In the end, it’s all about the food, isn’t it?
I feel for the IFBC organizers who had to take up the challenge to make 250 food enthusiasts belly-happy for 3 days. For me, they really did it. At every meal, we were lucky enough to benefit from the talent of creative chefs and we never served the same thing twice. Here’s how it went down:
Friday night: Opening of the conference at Hotel Monaco. Cocktail party hosted by the main sponsors with wine tastings, cocktails, and small bites.
- Breakfast: Fresh breads and French pâtisseries; one-bite muffins and cakes; variety of berries.
- Lunch: Small plates menu prepared by 5 different chefs with wine pairings.
- Cocktail-hour: Tapas with Sherry pairings.
- Dinner: Tasting menu crafted by 6 different chefs; desserts; wines.
- Breakfast: An incredible array of (enormous) doughnuts, muffins, berries.
- Lunch: Food truck gathering; beer.
Are you hungry yet? If not, wait ’till you see the pictures. Unfortunately, my pictures are not the best as I tried to travel light and only brought my point-and-shoot camera, but I think it’s still worth showing.
By the way, I will be writing about the food that I enjoyed best, just like I would talk about a fantastic new restaurant I just discovered. In no way do I feel obligated to mention anybody because they were sponsors; I just think that people who do wonderful things should be talked about.
Feeding from the Food Trucks
Gourmet food trucks all are the rage in large US cities: forget about your Mom & Pop greasy fast food joint. Many of them are now managed by chefs who have been trained in such serious cooking schools as the Culinary Institute of America, they are often mentioned in serious publications such as the New York or LA Times, and they have hoards of food enthusiast followers on Twitter. Guides are even published to find the very best food trucks.
I was very curious to find out if all the rage was worth it because this trend hasn’t yet reached Quebec. We do still have the traditional burger & fries trucks driving around and while they serving delicious and fresh fast food, they’re not the gourmet kind.
Turns out we had a very nice selection to choose from: Mexican, Thai and Lebanese trucks as well as pizza, burgers, crêpes and ice cream were all fighting for our attention. I tried them all – my belly still thanks me. I couldn’t help myself, it was that good.
Waiting in line for the best food truck food around:
“What would you like to have today?” – Lovin’ the small windows from which they take your order. El Camión Food Truck.
Pollo Verde Tamale and Pescado Taco from El Camión Food Truck:
Wagyu Beef Burger with Arugula, Cambonzola Brie Cheese and Onion Chutney from Skillet Street Food:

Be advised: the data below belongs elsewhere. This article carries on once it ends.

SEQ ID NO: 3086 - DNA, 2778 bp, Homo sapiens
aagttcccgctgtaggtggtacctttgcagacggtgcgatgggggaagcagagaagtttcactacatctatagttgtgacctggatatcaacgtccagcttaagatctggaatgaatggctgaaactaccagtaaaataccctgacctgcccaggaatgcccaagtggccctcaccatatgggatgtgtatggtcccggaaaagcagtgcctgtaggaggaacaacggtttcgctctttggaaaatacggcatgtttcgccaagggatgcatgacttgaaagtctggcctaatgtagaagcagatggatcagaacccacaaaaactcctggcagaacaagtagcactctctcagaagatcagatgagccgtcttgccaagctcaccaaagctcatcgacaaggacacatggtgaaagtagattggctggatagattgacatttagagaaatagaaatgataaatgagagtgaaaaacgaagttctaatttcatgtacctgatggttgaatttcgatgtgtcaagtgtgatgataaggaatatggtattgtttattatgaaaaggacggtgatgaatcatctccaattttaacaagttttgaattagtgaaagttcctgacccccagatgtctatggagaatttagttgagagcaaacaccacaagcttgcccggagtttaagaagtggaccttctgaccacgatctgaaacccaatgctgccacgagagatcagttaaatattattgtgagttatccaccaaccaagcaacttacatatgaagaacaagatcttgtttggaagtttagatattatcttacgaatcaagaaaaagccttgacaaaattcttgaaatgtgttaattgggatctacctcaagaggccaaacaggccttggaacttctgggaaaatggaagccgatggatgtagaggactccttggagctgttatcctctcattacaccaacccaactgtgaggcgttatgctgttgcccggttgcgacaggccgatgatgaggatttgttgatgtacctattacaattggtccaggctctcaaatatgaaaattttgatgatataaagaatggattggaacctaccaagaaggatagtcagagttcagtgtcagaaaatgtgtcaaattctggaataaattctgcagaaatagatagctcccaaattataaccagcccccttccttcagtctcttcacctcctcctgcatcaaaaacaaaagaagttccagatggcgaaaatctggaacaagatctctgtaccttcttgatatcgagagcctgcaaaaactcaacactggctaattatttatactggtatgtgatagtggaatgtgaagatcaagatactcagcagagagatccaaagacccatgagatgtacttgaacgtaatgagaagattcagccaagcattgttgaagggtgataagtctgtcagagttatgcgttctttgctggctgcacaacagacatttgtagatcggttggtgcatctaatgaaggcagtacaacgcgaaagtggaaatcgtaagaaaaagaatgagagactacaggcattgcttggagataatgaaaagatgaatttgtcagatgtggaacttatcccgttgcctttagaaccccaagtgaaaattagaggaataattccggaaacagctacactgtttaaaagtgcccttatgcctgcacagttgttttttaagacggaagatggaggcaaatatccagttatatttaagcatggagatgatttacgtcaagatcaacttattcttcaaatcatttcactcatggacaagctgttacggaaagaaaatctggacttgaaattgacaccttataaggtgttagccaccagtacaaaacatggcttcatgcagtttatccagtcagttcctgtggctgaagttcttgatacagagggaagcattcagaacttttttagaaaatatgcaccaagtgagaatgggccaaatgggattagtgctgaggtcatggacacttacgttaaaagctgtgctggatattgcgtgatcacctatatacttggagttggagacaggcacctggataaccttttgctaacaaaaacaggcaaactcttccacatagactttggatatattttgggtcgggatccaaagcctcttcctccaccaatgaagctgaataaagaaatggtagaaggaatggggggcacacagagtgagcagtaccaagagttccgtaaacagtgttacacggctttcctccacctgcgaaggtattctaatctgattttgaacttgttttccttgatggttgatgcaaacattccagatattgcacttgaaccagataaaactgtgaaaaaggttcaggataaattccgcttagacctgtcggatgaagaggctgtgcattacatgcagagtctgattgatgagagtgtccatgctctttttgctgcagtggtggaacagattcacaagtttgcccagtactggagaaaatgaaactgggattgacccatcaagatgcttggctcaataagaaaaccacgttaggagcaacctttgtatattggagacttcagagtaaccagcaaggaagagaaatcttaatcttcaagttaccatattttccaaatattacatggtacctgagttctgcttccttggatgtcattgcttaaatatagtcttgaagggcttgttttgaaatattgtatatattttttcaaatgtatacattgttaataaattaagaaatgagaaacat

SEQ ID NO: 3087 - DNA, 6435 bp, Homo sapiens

Wood-Fired Pizzas from Rolling Fire – of which I had two slices and had to restrain myself from getting a third:
The very cute Molly Moon’s Homemade Ice Cream Truck:
A delicious (and lactose-free) mango and basil sorbet from Molly Moon’s Ice Cream:
Saturday Night’s Tasting Menu
This dinner was truly a delicious surprise. After the last conference on Saturday, they asked us to go outside to the “food area” and enjoy a Spanish happy hour so that they would be able to “turn the room around”. They literally did just that, turning the tables to place them perpendicular to the stage where Saveur Magazine’s Editor-in-Chief, James Oseland, would give his speech. White tablecloths, flowers and candles gave the room a more intimate feel.
While we listened to Oseland’s passionate and inspiring words, the chefs were outside, each at their small tables under white tents, feverishly preparing hundreds of servings, Top Chef style. Right before service, they all took a minute of their time to come on stage to present their dishes – right then and there we knew we were in for a treat. Attendees probably had a hard time restraining themselves to run to the tables to get their servings. Each chef had chosen a beautifully shaped plate to match their food and I had a hard time balancing mine to bring them back inside to eat (I have a newfound respect for servers).
All the food was amazing: tasty, colorful and rather artfully presented, considering the chefs were mostly alone with only one helper to plate all the servings. Interestingly, the menu worked well as a whole, the flavors were harmonious with each other and no plate overshadowed another. This could have very well been a hundred-dollar tasting menu in a great restaurant.
Chilled Sockeye Salmon with Mascarpone, Cherry Tomatoes, Cucumbers and Chile Salsa (Chefs Brian McCracken and Dana Tough):
Beef Carpaccio with Wild Watercress, Pickled Cauliflower and Pecorino Toscano (Chef Ethan Stowell):
Salad of Locally Grown Chickpeas (Chef Holly Smith):
An amazingly tender Wagyu Beef Cheek (melt-in-your-mouth isn’t even accurate enough to describe the texture of this meat) with Stuffed Squash Blossoms and Fresh Corn (by Chef Tamara Murphy):
#1 for most challenging food:
Marinated Octopus with Chickpeas, Preserved Lemon and Chorizo Vinaigrette (Chef Shannon Galusha). I never had octopus before, but the salad was so tasty and smoky that I loved it.
For the Sweet Tooth:
Luscious chocolates from Theo Chocolates and Cupcakes from Cupcakes Royale:
Check out these posts from other International Food Blogging Conference attendees:
- On Food and Friendships: The International Food Blogging Conference 2010
- Swag from the IFBC – The Merry Gourmet
- IFBC: Sex, but No Drugs or Rock n Roll – Salty Seattle
- IFBC 2010: What We Ate – Savour Fare
- 5 Sound Bites From the Food Bloggers’ Conference – deVine Table